Greening governments Major building projects, such as a 7000-unit mixed residential/commercial development in LA, are specifying certified wood for such components as cabinetry and flooring. Municipal governments including those of New York City, San Francisco, Berkeley, Los Angeles, and Ashland, Oregon, are specifying certified wood in government contracts where possible. Certified wood is obtained from non-endangered trees harvested via sustainable forestry practices based on the Institute for Sustainable Forestry's "Ten Elements of Sustainability." The certifying agent is a third party with no connections to the landowners or the lumber producers. The Ten Elements proclaim that: "Forest practices will respect, maintain and/or restore ... the forest ecosystem and its components.... Forest practitioners will address the need for local employment and community wellbeing and will respect workers' rights.... Ancient forests will be subject to a moratorium on commercial logging." [PO Box 580, Redway, CA 95560; 707-247-1101, fax 707-247-3555; email:]

Sounds intriguing Zero 24-7 Web Radio, an innovative, independent Internet radio station, broadcasts Zero Population Growth's message over the Internet. Eclectic music, guests like Al Gore and Jane Fonda, and zero commercials: [ Once there, click on Zero 24-7 "to hear what you've been missing."]

Grassroots to treetops Yielding to righteous badgering from Earth Island's John Muir Project and the Religious Campaign for Forest Preservation, Rep. George Miller (D-CA) has become a co-sponsor of HR1396, the National Forest Protection and Restoration Act. The NRPRA, which would end timber sales in national forests, now has 70 co-sponsors in the US House of Representatives. [Rene Voss, Wild Rockies Infonet, 726 7th St., SE, Washington, DC 20003, (202) 547-9124, fax: 547-9210,]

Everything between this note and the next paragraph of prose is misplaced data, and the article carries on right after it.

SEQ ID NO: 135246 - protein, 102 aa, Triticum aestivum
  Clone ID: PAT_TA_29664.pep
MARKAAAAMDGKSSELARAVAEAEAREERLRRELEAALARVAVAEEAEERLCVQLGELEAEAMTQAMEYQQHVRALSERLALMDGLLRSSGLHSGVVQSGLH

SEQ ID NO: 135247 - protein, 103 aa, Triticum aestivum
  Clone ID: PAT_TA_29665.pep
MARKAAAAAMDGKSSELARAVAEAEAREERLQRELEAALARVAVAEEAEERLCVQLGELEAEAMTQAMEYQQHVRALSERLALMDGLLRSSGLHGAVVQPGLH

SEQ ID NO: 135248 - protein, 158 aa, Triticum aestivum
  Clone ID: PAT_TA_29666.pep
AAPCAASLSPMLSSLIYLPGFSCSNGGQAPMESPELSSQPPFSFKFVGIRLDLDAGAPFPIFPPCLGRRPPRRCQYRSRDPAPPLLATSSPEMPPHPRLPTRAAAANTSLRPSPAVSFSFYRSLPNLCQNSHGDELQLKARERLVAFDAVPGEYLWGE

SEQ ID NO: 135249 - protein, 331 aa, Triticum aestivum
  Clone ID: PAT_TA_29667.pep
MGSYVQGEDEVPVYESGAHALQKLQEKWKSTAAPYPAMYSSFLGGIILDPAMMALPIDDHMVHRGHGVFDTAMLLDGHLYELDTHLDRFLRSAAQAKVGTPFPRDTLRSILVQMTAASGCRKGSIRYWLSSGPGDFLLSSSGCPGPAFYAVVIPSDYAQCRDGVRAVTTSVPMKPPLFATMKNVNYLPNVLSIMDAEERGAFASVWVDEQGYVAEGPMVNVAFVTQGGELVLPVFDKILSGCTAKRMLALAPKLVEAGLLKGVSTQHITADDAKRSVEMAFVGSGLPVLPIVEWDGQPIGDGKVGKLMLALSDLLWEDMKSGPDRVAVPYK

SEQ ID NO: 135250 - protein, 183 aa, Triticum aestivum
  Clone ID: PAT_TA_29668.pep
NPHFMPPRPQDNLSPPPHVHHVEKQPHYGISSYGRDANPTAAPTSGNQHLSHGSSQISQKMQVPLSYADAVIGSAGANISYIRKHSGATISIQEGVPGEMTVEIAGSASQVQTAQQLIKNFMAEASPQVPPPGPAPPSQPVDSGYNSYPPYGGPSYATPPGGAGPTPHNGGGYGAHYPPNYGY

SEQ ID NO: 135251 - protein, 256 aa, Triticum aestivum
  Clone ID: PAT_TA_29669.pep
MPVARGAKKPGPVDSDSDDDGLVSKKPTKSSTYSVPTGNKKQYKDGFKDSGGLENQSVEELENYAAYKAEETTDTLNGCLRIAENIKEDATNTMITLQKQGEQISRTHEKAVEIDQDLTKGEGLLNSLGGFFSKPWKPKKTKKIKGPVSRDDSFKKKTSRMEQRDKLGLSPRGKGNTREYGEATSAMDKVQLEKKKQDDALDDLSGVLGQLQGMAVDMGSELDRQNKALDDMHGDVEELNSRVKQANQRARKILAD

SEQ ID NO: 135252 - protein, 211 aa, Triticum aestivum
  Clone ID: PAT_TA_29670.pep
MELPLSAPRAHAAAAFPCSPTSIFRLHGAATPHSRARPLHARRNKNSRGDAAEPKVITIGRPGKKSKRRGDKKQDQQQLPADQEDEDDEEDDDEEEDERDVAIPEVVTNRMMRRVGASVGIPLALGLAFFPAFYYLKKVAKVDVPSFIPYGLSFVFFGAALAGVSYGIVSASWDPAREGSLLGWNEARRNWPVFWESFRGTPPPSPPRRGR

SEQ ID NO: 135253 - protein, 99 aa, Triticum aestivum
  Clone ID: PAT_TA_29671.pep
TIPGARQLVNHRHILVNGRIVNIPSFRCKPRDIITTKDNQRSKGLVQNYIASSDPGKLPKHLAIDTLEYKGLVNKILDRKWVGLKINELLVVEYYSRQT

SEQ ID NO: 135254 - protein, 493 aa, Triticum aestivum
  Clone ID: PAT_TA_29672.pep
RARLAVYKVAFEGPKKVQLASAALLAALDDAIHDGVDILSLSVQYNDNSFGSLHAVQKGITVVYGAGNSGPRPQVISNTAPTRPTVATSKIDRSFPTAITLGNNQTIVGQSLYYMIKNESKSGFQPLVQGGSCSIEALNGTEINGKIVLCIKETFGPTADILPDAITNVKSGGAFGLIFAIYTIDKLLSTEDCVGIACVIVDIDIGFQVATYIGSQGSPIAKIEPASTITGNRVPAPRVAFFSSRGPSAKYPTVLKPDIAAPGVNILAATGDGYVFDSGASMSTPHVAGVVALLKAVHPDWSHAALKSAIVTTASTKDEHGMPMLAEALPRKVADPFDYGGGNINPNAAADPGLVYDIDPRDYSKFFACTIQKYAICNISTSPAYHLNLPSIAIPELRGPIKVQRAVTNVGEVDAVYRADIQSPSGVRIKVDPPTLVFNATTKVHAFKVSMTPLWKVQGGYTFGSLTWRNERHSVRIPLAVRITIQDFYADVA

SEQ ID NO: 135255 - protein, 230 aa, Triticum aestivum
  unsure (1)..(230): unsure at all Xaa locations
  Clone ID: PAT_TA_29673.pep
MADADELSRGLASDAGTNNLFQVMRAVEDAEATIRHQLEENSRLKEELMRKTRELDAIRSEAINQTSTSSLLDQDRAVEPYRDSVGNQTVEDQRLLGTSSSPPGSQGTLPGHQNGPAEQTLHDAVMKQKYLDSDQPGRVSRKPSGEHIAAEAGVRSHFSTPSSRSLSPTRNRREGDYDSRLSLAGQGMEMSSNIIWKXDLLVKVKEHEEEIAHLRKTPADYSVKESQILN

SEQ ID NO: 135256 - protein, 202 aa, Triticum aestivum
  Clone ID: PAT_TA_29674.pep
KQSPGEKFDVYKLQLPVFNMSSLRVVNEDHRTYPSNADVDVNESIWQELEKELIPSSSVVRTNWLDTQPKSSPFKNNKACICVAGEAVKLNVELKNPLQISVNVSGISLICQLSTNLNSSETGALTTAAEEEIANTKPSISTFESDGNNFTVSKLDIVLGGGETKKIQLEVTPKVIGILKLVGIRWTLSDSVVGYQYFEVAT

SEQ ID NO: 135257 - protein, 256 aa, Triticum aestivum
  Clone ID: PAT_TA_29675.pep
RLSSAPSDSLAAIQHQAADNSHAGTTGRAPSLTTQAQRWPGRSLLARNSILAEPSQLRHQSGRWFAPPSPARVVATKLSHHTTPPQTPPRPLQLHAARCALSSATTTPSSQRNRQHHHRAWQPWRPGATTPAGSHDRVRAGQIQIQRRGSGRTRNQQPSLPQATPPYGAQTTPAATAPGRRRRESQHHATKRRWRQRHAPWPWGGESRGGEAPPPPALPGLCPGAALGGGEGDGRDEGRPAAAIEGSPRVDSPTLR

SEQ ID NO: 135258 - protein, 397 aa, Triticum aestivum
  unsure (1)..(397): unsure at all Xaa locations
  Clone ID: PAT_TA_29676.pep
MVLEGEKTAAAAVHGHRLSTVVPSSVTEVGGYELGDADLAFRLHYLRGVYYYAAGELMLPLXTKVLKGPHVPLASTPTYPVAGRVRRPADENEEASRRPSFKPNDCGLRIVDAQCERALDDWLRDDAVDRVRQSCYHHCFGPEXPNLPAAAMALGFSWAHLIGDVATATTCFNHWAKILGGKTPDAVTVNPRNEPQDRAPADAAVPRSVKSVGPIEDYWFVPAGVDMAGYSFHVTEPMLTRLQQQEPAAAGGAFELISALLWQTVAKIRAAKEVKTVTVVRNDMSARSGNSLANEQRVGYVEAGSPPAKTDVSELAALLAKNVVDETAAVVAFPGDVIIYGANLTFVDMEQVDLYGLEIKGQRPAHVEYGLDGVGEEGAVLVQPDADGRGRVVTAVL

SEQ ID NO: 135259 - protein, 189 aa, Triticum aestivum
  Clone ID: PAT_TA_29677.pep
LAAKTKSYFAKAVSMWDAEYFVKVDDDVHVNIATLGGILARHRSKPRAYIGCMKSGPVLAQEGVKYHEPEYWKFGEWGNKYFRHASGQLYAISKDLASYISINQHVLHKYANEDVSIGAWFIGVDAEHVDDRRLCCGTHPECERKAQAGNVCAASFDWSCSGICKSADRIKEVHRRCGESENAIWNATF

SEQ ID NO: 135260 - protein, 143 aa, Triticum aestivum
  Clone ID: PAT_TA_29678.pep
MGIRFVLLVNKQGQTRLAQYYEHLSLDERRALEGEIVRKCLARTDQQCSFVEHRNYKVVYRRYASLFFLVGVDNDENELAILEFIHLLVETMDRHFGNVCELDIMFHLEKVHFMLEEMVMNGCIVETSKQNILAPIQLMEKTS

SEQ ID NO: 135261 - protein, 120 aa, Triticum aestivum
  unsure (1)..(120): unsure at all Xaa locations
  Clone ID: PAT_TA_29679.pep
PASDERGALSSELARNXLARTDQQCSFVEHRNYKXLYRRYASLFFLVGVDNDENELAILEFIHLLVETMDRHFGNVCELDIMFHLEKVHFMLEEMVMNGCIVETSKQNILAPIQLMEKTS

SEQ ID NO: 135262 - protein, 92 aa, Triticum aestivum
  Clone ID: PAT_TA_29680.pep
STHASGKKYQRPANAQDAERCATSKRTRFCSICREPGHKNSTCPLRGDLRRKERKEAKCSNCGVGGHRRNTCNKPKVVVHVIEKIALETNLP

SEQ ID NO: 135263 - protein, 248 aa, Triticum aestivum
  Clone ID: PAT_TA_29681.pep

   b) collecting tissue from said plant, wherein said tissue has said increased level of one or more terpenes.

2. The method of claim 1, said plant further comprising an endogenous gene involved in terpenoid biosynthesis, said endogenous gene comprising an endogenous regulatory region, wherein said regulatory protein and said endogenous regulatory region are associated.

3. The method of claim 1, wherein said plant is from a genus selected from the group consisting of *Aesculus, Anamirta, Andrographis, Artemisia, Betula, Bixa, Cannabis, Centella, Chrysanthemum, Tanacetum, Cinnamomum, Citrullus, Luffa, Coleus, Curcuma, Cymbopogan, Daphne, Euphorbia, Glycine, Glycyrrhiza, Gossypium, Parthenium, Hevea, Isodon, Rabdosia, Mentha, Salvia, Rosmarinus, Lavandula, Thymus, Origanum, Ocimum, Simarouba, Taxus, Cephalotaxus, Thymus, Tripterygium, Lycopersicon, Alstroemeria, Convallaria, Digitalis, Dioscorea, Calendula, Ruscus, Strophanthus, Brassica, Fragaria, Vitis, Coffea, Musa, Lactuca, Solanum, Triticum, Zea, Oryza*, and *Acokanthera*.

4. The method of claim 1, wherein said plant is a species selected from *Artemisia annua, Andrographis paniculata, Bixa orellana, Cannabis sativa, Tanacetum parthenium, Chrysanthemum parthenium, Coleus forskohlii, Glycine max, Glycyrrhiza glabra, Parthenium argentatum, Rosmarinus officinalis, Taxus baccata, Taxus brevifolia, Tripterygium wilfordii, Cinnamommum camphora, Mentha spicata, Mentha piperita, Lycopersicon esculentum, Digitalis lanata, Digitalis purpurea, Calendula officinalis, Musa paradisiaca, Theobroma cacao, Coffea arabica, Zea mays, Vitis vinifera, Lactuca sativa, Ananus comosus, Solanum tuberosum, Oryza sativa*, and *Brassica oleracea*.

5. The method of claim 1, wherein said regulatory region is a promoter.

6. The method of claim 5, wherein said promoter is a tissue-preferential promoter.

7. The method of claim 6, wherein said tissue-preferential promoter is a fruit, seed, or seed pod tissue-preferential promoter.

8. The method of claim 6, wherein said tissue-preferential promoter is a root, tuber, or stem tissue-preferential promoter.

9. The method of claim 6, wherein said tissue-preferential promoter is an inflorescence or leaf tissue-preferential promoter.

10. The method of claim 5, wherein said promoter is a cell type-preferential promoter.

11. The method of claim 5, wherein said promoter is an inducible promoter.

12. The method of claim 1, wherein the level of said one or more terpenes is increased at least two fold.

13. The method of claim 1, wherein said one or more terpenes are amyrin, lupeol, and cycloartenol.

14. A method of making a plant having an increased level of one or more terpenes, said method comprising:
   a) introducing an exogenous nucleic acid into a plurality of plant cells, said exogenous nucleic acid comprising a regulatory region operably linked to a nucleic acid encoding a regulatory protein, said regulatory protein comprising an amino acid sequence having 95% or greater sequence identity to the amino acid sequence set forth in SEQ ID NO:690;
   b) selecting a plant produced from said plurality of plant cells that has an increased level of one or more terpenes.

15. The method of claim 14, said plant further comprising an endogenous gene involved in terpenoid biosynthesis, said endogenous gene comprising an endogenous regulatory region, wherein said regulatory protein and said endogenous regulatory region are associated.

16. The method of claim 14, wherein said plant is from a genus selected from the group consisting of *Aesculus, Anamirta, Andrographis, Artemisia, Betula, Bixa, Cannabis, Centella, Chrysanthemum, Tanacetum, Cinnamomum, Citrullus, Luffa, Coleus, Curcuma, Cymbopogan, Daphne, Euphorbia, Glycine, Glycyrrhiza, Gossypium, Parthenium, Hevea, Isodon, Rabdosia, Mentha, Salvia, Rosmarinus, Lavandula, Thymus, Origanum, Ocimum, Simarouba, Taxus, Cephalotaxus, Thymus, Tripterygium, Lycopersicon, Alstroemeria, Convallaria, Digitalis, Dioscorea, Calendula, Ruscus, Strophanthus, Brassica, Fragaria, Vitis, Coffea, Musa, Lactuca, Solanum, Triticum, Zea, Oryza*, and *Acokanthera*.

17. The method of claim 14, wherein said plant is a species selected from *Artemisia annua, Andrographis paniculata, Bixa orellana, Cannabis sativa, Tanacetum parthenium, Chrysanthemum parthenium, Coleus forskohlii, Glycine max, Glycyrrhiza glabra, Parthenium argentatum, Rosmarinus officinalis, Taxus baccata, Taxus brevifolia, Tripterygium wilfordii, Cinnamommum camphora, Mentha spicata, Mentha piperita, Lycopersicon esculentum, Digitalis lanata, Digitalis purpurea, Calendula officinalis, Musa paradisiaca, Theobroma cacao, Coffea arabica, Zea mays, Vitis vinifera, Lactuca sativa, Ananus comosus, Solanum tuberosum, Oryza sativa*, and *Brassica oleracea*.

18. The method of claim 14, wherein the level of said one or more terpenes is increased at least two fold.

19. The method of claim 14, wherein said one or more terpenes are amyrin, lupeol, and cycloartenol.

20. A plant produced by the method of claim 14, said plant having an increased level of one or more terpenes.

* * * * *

Web-of-life website By the year 2050, one-quarter of all plants and animals could be doomed to extinction. A new Defenders of Wildlife website [] lets kids explore the wonders of wildlife and the problems of biodiversity loss. There's a bibliography for school projects, downloadable color illustrations of endangered species, and wild games to play. Tune your children in to this cyberspace world of wildlife activities (but don't forget to turn off the computer and spend some time outside!). [Defenders of Wildlife, 1101 Fourteenth St., NW, Suite 1400, Washington, DC 20005, (202) 682-9400,]

Cosmetics without cancer Neways is one of several innovative companies offering cosmetic and home-care products without the commonly-found carcinogenic ingredients. [For information and sample pack,]

Democracy is coming In the fictional documentary Democracy is Coming to the USA (directed by Walter Miale and produced by the Green World Center), a college student finds herself interviewing the likes of Noam Chomsky, Jane Goodall, Frances Moore Lappe, Ralph Nader and John Robbins (who play themselves). She learns disturbing facts about such atrocities as factory farms and institutional violence. The film's climactic festival proclaims "a new day, and a shift in the will of Heaven." The film's title comes from a Leonard Cohen lyric: "It's coming like the tidal flood beneath the lunar sway, imperial, mysterious, in amorous array: Democracy is coming to the USA." Green World Center also hosts a residential program/study retreat in the mountains near Quebec, for artists, scholars, teachers and others to work on everything from peace studies to nature writing to multimedia, cinema, philosophy and literature [].